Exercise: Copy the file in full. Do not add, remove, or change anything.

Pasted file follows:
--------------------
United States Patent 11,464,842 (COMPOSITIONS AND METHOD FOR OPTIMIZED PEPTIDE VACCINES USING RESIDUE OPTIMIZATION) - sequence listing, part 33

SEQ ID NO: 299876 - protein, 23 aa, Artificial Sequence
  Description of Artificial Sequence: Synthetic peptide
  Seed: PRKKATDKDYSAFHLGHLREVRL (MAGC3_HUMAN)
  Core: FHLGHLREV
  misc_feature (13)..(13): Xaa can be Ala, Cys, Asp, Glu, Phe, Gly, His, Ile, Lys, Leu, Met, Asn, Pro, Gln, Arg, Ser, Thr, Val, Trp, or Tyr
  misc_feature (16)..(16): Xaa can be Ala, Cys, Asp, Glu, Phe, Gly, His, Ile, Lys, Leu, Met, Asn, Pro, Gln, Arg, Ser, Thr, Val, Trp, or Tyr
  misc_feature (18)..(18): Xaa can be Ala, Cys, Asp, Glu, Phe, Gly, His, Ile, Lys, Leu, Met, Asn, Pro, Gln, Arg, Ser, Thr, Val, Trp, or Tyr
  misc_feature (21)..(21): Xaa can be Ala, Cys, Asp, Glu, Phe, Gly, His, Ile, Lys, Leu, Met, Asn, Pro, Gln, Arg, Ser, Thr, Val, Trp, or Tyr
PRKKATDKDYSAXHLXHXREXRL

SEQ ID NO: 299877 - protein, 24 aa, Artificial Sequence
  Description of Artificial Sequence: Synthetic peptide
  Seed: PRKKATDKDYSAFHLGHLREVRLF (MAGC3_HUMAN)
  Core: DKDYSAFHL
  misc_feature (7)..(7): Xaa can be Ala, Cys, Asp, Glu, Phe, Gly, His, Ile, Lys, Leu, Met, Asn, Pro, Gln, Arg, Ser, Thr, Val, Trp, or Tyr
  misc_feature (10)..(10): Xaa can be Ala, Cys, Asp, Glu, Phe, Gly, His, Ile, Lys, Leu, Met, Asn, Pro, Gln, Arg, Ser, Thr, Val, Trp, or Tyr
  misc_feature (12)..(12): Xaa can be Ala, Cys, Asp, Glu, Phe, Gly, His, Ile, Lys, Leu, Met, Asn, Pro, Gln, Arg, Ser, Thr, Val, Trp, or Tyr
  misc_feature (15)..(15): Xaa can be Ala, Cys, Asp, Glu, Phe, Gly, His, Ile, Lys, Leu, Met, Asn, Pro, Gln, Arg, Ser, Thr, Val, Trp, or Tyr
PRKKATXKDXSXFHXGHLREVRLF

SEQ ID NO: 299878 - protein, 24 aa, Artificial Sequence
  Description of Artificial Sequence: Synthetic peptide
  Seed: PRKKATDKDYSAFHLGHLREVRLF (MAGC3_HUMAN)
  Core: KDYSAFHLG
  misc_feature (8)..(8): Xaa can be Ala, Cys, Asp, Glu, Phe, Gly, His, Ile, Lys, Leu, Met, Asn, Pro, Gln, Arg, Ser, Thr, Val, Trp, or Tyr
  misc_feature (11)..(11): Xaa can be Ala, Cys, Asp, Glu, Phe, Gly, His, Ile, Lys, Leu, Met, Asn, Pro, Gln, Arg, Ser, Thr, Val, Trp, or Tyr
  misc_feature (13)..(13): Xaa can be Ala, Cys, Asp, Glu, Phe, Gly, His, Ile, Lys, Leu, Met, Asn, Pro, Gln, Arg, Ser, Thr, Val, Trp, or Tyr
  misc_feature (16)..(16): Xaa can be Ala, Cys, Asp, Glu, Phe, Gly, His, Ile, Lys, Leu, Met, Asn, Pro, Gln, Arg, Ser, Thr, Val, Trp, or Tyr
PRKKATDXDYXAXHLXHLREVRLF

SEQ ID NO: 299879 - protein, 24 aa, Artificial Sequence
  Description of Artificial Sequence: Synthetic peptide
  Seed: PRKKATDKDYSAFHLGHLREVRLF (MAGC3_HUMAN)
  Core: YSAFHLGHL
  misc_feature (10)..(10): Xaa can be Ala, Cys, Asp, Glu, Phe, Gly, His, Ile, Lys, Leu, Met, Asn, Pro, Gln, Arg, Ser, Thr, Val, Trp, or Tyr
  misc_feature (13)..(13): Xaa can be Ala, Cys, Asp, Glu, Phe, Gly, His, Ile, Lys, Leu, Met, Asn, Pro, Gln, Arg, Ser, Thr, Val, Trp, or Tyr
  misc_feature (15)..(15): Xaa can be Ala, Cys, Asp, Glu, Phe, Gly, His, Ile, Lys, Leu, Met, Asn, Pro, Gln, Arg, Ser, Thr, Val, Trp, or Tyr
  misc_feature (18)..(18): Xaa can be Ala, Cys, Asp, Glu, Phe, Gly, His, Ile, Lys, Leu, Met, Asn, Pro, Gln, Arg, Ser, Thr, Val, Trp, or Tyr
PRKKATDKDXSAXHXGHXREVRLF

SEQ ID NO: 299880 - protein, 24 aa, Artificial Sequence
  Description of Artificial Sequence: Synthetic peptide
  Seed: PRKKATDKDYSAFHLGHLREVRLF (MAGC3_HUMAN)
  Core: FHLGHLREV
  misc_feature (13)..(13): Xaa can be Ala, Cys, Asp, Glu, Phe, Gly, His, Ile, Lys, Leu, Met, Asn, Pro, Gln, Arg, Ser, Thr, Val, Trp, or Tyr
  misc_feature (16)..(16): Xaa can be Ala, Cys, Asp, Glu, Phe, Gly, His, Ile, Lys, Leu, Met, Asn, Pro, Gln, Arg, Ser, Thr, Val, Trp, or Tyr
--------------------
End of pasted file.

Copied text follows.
United States Patent 11,464,842 (COMPOSITIONS AND METHOD FOR OPTIMIZED PEPTIDE VACCINES USING RESIDUE OPTIMIZATION) - sequence listing, part 33

SEQ ID NO: 299876 - protein, 23 aa, Artificial Sequence
  Description of Artificial Sequence: Synthetic peptide
  Seed: PRKKATDKDYSAFHLGHLREVRL (MAGC3_HUMAN)
  Core: FHLGHLREV
  misc_feature (13)..(13): Xaa can be Ala, Cys, Asp, Glu, Phe, Gly, His, Ile, Lys, Leu, Met, Asn, Pro, Gln, Arg, Ser, Thr, Val, Trp, or Tyr
  misc_feature (16)..(16): Xaa can be Ala, Cys, Asp, Glu, Phe, Gly, His, Ile, Lys, Leu, Met, Asn, Pro, Gln, Arg, Ser, Thr, Val, Trp, or Tyr
  misc_feature (18)..(18): Xaa can be Ala, Cys, Asp, Glu, Phe, Gly, His, Ile, Lys, Leu, Met, Asn, Pro, Gln, Arg, Ser, Thr, Val, Trp, or Tyr
  misc_feature (21)..(21): Xaa can be Ala, Cys, Asp, Glu, Phe, Gly, His, Ile, Lys, Leu, Met, Asn, Pro, Gln, Arg, Ser, Thr, Val, Trp, or Tyr
PRKKATDKDYSAXHLXHXREXRL

SEQ ID NO: 299877 - protein, 24 aa, Artificial Sequence
  Description of Artificial Sequence: Synthetic peptide
  Seed: PRKKATDKDYSAFHLGHLREVRLF (MAGC3_HUMAN)
  Core: DKDYSAFHL
  misc_feature (7)..(7): Xaa can be Ala, Cys, Asp, Glu, Phe, Gly, His, Ile, Lys, Leu, Met, Asn, Pro, Gln, Arg, Ser, Thr, Val, Trp, or Tyr
  misc_feature (10)..(10): Xaa can be Ala, Cys, Asp, Glu, Phe, Gly, His, Ile, Lys, Leu, Met, Asn, Pro, Gln, Arg, Ser, Thr, Val, Trp, or Tyr
  misc_feature (12)..(12): Xaa can be Ala, Cys, Asp, Glu, Phe, Gly, His, Ile, Lys, Leu, Met, Asn, Pro, Gln, Arg, Ser, Thr, Val, Trp, or Tyr
  misc_feature (15)..(15): Xaa can be Ala, Cys, Asp, Glu, Phe, Gly, His, Ile, Lys, Leu, Met, Asn, Pro, Gln, Arg, Ser, Thr, Val, Trp, or Tyr
PRKKATXKDXSXFHXGHLREVRLF

SEQ ID NO: 299878 - protein, 24 aa, Artificial Sequence
  Description of Artificial Sequence: Synthetic peptide
  Seed: PRKKATDKDYSAFHLGHLREVRLF (MAGC3_HUMAN)
  Core: KDYSAFHLG
  misc_feature (8)..(8): Xaa can be Ala, Cys, Asp, Glu, Phe, Gly, His, Ile, Lys, Leu, Met, Asn, Pro, Gln, Arg, Ser, Thr, Val, Trp, or Tyr
  misc_feature (11)..(11): Xaa can be Ala, Cys, Asp, Glu, Phe, Gly, His, Ile, Lys, Leu, Met, Asn, Pro, Gln, Arg, Ser, Thr, Val, Trp, or Tyr
  misc_feature (13)..(13): Xaa can be Ala, Cys, Asp, Glu, Phe, Gly, His, Ile, Lys, Leu, Met, Asn, Pro, Gln, Arg, Ser, Thr, Val, Trp, or Tyr
  misc_feature (16)..(16): Xaa can be Ala, Cys, Asp, Glu, Phe, Gly, His, Ile, Lys, Leu, Met, Asn, Pro, Gln, Arg, Ser, Thr, Val, Trp, or Tyr
PRKKATDXDYXAXHLXHLREVRLF

SEQ ID NO: 299879 - protein, 24 aa, Artificial Sequence
  Description of Artificial Sequence: Synthetic peptide
  Seed: PRKKATDKDYSAFHLGHLREVRLF (MAGC3_HUMAN)
  Core: YSAFHLGHL
  misc_feature (10)..(10): Xaa can be Ala, Cys, Asp, Glu, Phe, Gly, His, Ile, Lys, Leu, Met, Asn, Pro, Gln, Arg, Ser, Thr, Val, Trp, or Tyr
  misc_feature (13)..(13): Xaa can be Ala, Cys, Asp, Glu, Phe, Gly, His, Ile, Lys, Leu, Met, Asn, Pro, Gln, Arg, Ser, Thr, Val, Trp, or Tyr
  misc_feature (15)..(15): Xaa can be Ala, Cys, Asp, Glu, Phe, Gly, His, Ile, Lys, Leu, Met, Asn, Pro, Gln, Arg, Ser, Thr, Val, Trp, or Tyr
  misc_feature (18)..(18): Xaa can be Ala, Cys, Asp, Glu, Phe, Gly, His, Ile, Lys, Leu, Met, Asn, Pro, Gln, Arg, Ser, Thr, Val, Trp, or Tyr
PRKKATDKDXSAXHXGHXREVRLF

SEQ ID NO: 299880 - protein, 24 aa, Artificial Sequence
  Description of Artificial Sequence: Synthetic peptide
  Seed: PRKKATDKDYSAFHLGHLREVRLF (MAGC3_HUMAN)
  Core: FHLGHLREV
  misc_feature (13)..(13): Xaa can be Ala, Cys, Asp, Glu, Phe, Gly, His, Ile, Lys, Leu, Met, Asn, Pro, Gln, Arg, Ser, Thr, Val, Trp, or Tyr
  misc_feature (16)..(16): Xaa can be Ala, Cys, Asp, Glu, Phe, Gly, His, Ile, Lys, Leu, Met, Asn, Pro, Gln, Arg, Ser, Thr, Val, Trp, or Tyr